Record Details

NHER Number:1860
Type of record:Building
Name:St Edmund's Church, Caistor St Edmund


This mainly 13th to 15th century church stands within the ramparts of the Roman town, Venta Icenorum (NHER 9786). The building contains much reused Roman material and there are some traces of a Late Saxon church including a blocked south window in the nave. There was a spring of cold water at the southeast corner of the chancel.

Images - none


Grid Reference:TG 2322 0337
Map Sheet:TG20SW

Full description

St Edmunds Church.
Stands within east ramparts of Roman town and contains much Roman brick (and presumably flint). Saxon remains identified by A. Whittingham as blocked south window in nave and door to west gallery (royal gallery for Edward the Confessor?) Present nave windows 15th century. Perpendicular floor rises to east. Fine 14th century c. chancel arch. Chancel has two Early English 13th century lancets on each side; piscina on south with arched niche to east of it. Low side window beneath southwest chancel window. Tudor priest's door. 14th century tower of knapped flint with stone corners and decorated west window, Tudor battlements. One bell of 1592 (two others stolen) North porch with piscina; carved corbel heads and graffiti on doorway. South door blocked. Fine 15th century carved font with symbols and lions. Wallpaintings of St Christopher and St John badly faded. Royal arms of Queen Anne 1714. Matrix of brass. Organ 1856 by Mark Noble senior. Graveslab in sanctuary with coat of arms 1708.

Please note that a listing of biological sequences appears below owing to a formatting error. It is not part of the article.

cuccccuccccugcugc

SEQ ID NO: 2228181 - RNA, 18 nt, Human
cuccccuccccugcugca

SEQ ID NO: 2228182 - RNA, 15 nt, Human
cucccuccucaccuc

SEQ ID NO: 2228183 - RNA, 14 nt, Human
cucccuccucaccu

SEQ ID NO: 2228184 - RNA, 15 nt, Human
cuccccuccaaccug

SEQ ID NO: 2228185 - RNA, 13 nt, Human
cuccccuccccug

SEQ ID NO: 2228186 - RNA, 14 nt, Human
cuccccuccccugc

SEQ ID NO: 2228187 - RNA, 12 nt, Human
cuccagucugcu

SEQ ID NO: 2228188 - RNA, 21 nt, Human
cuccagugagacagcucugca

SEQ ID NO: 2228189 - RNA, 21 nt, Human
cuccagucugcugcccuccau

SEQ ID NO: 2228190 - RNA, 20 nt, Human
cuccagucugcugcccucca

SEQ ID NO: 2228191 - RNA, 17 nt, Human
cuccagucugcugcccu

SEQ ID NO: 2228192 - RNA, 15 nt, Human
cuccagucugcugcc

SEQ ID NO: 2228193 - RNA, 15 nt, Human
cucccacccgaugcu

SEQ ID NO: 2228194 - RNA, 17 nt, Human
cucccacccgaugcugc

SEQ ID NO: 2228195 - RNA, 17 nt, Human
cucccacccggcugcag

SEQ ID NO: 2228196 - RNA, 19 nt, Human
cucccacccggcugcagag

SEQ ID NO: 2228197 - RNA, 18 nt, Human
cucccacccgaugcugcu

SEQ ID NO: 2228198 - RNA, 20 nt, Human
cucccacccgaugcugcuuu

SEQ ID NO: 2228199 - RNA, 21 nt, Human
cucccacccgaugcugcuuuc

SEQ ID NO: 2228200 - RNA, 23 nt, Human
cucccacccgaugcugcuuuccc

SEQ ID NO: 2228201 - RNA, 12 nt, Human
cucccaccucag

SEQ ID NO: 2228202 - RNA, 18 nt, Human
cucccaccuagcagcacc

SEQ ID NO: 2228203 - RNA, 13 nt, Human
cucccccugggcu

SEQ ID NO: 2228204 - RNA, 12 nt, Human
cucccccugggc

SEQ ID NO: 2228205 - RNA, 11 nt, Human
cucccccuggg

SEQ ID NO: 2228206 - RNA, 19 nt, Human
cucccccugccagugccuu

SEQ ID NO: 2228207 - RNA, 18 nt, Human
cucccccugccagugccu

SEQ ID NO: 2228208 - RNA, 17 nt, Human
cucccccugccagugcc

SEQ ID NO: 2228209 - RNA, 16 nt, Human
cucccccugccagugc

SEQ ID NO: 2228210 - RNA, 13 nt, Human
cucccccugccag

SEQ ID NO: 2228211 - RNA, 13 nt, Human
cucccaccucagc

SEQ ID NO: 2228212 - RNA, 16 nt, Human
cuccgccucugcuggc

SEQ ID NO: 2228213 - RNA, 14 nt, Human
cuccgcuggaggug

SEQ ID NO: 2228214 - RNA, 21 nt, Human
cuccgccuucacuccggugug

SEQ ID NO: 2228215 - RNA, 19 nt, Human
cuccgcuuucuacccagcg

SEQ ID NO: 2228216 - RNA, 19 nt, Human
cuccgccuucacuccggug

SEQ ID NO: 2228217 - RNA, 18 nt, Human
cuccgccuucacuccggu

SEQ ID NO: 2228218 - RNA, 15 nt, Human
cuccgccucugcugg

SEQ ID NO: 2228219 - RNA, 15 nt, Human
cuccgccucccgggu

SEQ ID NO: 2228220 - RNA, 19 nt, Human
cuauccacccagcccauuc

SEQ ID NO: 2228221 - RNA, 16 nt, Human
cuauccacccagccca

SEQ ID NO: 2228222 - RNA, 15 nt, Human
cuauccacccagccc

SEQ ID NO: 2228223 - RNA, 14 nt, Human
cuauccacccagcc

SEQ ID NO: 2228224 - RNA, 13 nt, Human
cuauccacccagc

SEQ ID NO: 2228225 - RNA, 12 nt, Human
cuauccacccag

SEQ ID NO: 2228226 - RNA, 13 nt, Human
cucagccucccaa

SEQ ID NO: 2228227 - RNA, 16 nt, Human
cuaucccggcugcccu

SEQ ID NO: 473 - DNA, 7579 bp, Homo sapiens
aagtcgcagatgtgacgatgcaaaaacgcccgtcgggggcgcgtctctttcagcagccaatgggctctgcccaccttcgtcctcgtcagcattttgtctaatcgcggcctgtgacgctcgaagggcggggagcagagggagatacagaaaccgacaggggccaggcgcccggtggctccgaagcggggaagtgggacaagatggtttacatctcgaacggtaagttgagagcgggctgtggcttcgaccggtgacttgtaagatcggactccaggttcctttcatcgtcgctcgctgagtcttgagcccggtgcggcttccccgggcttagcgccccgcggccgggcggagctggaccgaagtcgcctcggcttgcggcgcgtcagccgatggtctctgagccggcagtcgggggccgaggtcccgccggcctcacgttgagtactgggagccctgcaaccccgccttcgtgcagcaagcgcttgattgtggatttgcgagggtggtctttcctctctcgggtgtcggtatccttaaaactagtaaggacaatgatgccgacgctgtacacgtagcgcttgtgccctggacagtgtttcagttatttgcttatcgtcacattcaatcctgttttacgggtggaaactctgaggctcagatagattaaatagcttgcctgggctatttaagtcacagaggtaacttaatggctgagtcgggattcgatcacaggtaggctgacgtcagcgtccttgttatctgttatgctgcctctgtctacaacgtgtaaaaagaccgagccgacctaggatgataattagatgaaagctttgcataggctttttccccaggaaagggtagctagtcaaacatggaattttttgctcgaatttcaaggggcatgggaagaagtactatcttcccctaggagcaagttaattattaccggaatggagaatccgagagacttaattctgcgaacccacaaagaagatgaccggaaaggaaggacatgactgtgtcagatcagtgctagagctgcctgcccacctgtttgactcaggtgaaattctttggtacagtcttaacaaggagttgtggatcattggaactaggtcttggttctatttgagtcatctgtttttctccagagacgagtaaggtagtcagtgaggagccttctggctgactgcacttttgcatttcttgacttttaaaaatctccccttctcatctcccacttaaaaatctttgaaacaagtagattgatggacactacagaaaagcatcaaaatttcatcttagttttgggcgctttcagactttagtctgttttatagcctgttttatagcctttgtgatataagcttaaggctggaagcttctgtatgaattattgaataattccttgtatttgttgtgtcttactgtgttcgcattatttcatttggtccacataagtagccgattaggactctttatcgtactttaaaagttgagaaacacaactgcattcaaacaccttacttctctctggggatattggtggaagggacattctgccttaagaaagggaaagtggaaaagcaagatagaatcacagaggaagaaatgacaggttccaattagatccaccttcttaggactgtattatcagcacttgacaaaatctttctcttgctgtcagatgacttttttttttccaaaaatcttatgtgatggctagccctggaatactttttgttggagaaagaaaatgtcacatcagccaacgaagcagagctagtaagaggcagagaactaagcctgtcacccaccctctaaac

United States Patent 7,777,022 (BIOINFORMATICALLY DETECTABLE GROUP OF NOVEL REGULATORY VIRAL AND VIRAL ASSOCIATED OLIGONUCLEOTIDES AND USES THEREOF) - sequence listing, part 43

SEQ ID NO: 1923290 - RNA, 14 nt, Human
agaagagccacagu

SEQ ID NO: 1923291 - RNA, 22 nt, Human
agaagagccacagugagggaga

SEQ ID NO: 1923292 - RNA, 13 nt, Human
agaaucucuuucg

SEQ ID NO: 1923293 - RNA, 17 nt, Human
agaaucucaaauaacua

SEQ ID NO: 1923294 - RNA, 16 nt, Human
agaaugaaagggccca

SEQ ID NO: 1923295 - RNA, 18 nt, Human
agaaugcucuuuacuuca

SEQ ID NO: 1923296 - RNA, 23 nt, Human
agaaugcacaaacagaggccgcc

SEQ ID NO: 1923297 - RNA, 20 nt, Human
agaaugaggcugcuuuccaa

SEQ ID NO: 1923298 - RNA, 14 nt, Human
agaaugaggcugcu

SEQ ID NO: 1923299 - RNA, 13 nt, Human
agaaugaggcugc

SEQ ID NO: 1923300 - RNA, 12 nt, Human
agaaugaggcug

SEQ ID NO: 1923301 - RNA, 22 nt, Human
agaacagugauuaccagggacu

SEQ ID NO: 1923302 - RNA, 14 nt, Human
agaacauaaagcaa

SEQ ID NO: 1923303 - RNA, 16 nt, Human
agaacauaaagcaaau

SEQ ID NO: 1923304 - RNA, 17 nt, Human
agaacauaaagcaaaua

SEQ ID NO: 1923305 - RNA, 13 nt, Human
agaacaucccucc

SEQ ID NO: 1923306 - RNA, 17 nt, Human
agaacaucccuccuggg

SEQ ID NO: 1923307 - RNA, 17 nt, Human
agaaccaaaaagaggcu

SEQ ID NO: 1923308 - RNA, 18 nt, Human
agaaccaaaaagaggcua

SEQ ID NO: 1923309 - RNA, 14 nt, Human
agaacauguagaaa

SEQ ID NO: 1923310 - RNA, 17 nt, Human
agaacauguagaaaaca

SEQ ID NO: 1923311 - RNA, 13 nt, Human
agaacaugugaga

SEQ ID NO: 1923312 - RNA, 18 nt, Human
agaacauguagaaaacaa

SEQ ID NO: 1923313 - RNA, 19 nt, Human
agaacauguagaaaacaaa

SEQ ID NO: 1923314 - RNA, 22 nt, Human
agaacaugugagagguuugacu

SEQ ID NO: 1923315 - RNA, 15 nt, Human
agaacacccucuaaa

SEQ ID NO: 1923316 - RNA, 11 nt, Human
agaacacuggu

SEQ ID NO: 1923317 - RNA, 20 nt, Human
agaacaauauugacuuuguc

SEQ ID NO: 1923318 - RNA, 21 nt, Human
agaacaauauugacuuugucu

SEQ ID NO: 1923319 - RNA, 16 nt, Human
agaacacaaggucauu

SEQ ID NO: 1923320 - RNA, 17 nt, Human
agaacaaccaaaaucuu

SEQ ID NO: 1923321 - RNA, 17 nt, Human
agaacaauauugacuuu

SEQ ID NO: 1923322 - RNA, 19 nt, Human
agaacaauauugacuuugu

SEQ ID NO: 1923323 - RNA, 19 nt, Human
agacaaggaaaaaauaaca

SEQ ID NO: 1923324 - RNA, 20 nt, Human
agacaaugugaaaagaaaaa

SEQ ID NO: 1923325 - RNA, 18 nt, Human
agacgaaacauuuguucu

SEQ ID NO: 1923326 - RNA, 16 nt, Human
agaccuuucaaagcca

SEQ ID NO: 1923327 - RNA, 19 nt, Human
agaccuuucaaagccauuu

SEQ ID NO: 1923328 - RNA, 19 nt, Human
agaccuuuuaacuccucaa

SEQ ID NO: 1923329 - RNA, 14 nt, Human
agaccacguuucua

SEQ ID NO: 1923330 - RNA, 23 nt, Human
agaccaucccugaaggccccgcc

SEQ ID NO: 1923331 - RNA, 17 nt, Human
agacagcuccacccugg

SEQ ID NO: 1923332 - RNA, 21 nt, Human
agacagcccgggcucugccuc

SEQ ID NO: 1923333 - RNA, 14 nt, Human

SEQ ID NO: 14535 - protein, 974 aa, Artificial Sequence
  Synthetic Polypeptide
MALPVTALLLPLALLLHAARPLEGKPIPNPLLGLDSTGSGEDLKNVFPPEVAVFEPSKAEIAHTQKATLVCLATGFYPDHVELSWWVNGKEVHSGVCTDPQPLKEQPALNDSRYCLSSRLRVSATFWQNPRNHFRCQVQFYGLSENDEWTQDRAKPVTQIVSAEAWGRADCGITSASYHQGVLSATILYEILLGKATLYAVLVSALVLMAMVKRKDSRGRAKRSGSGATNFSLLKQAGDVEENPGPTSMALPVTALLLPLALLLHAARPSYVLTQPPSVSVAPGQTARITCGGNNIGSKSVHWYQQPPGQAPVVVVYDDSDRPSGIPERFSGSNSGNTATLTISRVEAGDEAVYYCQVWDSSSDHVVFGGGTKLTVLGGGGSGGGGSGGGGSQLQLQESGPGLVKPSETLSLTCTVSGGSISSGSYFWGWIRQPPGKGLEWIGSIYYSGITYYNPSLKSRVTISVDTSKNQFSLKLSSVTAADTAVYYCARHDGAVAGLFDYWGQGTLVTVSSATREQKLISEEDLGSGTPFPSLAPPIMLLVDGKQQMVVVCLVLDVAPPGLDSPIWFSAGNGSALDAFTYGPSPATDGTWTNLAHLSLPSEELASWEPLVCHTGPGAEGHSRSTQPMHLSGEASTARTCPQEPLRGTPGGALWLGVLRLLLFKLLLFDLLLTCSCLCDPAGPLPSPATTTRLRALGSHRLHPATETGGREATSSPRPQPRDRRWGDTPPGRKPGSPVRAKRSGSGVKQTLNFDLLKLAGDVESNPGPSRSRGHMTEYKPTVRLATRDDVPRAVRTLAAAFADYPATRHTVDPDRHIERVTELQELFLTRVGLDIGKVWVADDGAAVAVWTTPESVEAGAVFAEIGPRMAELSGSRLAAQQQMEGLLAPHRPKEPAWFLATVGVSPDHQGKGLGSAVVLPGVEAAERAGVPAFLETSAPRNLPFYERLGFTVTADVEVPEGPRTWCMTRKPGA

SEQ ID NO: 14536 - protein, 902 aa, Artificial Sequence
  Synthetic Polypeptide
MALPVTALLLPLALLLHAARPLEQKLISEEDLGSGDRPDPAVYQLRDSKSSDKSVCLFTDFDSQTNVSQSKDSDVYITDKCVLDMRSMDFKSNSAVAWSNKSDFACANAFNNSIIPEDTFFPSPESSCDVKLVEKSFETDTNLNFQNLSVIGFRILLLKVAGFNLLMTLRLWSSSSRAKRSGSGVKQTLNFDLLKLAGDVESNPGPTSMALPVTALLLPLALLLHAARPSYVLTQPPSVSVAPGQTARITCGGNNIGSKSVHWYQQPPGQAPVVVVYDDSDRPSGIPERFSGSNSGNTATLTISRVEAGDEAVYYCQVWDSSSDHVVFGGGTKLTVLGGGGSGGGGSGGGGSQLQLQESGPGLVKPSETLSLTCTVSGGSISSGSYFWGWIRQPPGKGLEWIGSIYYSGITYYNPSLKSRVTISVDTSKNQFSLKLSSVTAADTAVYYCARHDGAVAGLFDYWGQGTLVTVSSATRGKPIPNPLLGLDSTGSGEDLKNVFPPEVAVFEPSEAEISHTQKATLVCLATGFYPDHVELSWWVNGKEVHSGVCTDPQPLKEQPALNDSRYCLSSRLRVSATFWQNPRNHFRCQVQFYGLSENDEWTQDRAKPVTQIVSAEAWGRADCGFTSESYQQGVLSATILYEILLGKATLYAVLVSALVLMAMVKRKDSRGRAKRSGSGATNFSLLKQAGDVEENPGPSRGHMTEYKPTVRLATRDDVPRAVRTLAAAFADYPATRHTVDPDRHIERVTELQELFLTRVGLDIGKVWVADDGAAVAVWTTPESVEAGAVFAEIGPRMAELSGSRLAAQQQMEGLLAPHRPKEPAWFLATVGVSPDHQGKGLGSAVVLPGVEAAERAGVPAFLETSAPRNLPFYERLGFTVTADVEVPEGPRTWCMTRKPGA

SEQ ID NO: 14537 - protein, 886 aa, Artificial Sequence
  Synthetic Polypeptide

Information from (S1).
R. R. Clarke (NCM).

January 1975. Visit.
Within ramparts of Roman town. Reused Roman material; Late Saxon traces, otherwise 13th to 15th century. It should be noted that there was a spring of cold water at the southeast corner of the chancel - significance to site of church?
E. Rose (NAU), 18 January 1975.

Bell is 14th century with original clapper (rare) but rehung. Two others were stolen.
Information from P. Cattermole.
E. Rose (NAU), 30 January 1986.

13 July 1993. NAU air photography (S2).
Church visible.
S. Massey (NLA), 8 February 2001.

6 August 1993. NLA air photography (S3).
Church and surrounding area to be clearly seen.
H. Clare (NLA), 5 February 2001.

15 October 1993. NLA air photography (S4).
Church clearly visible.
H. Clare (NLA), 21 February 2001.

August-September 2009. Trial Trenching.
Two trenches excavated within footprint of proposed extension and associated soakaway.
This work revealed evidence of an earlier church probably dating to the Middle Saxon period. The lower parts of the south wall of the nave were exposed and seen to be made from reused Roman materials and built in a Roman style. Medieval child and infant burials and an extensive dump of roof tiles dating to the mid-19th century were also recovered. Boundary gullies and rubbish pits of Roman date were excavated and were overlain by three adult burials and one child burial of medieval or post-medieval date.
See report (S5) for further details. The results of this work are also summarised in (S8).
S. Howard (HES), 21 April 2011.

May 2010. Radiocarbon dating.
An AMS date of AD 890-1030 from a femur taken from a small charnel-type deposit under the church foundations suggests that a church may have existed on this site before the 11th century.